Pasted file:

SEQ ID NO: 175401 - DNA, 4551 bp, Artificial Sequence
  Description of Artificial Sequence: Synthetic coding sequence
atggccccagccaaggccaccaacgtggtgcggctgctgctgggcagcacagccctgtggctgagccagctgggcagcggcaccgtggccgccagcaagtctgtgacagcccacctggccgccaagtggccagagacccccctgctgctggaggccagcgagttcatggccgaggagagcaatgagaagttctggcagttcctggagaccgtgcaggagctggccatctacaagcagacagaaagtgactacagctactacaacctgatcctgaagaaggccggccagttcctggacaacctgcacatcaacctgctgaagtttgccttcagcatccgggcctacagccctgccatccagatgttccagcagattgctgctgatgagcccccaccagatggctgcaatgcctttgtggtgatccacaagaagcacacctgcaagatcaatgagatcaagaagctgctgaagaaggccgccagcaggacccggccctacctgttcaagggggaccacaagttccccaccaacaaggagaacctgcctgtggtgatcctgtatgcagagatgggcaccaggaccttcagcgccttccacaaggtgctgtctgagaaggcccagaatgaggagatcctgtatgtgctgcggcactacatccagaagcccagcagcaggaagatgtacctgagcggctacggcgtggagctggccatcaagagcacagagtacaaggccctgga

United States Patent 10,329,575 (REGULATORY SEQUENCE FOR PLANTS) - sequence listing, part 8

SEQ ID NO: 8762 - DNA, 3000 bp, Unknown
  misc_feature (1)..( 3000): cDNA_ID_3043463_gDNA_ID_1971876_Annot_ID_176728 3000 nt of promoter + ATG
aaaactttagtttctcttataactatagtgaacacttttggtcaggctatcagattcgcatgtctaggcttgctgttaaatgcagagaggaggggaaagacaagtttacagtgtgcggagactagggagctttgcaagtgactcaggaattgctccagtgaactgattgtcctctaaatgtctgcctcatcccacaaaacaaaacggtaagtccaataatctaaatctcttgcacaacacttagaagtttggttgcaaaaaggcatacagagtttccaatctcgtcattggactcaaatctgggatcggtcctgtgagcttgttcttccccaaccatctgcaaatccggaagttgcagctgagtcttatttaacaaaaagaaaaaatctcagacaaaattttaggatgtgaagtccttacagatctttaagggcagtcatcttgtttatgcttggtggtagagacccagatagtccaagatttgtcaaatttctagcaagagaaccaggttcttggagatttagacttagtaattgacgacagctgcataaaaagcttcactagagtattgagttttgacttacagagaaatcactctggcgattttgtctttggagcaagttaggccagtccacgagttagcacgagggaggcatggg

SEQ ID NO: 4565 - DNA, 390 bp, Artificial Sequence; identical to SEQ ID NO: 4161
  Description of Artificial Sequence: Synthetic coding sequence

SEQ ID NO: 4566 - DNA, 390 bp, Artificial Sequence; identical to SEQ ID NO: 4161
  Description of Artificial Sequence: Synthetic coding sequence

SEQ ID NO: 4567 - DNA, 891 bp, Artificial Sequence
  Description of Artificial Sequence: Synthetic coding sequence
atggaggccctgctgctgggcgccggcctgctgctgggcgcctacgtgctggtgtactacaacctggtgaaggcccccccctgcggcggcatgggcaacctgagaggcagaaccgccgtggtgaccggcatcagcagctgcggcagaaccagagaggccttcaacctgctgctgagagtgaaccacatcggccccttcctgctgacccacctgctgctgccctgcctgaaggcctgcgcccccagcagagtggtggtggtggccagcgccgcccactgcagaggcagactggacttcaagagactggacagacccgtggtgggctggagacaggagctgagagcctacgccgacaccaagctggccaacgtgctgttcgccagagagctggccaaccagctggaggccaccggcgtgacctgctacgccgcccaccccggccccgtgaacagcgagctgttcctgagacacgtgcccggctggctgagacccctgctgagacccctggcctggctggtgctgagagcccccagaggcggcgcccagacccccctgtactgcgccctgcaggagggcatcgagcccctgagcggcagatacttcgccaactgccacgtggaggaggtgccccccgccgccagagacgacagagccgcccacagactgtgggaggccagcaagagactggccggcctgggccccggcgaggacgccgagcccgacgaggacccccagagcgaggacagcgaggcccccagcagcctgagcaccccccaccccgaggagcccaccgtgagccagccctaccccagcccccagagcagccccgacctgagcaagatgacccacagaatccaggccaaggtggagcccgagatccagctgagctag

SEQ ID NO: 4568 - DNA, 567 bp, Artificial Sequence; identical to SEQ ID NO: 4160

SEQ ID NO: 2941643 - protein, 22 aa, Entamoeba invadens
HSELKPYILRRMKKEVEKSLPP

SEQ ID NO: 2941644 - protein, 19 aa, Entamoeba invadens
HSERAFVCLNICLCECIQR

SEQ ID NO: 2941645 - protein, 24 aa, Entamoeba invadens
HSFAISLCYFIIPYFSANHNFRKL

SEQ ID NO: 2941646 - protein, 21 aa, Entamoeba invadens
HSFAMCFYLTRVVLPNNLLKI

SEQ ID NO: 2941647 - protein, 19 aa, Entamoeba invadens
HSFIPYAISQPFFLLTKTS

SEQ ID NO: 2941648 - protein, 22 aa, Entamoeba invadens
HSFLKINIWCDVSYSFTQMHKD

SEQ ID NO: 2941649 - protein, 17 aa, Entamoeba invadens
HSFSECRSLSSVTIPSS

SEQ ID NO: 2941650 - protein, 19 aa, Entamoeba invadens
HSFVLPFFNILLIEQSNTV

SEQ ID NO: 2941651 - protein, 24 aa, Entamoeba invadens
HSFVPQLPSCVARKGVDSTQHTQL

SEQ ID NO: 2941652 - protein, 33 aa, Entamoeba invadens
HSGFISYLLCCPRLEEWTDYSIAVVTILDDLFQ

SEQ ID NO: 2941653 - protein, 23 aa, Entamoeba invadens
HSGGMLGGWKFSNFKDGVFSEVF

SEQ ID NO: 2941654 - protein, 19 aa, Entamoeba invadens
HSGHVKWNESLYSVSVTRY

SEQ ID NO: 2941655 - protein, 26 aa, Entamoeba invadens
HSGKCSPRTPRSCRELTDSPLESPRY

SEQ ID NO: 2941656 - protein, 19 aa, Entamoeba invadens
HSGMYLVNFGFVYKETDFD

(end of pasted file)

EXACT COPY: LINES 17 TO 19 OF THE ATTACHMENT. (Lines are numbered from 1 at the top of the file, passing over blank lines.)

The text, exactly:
HSELKPYILRRMKKEVEKSLPP

SEQ ID NO: 2941644 - protein, 19 aa, Entamoeba invadens
HSERAFVCLNICLCECIQR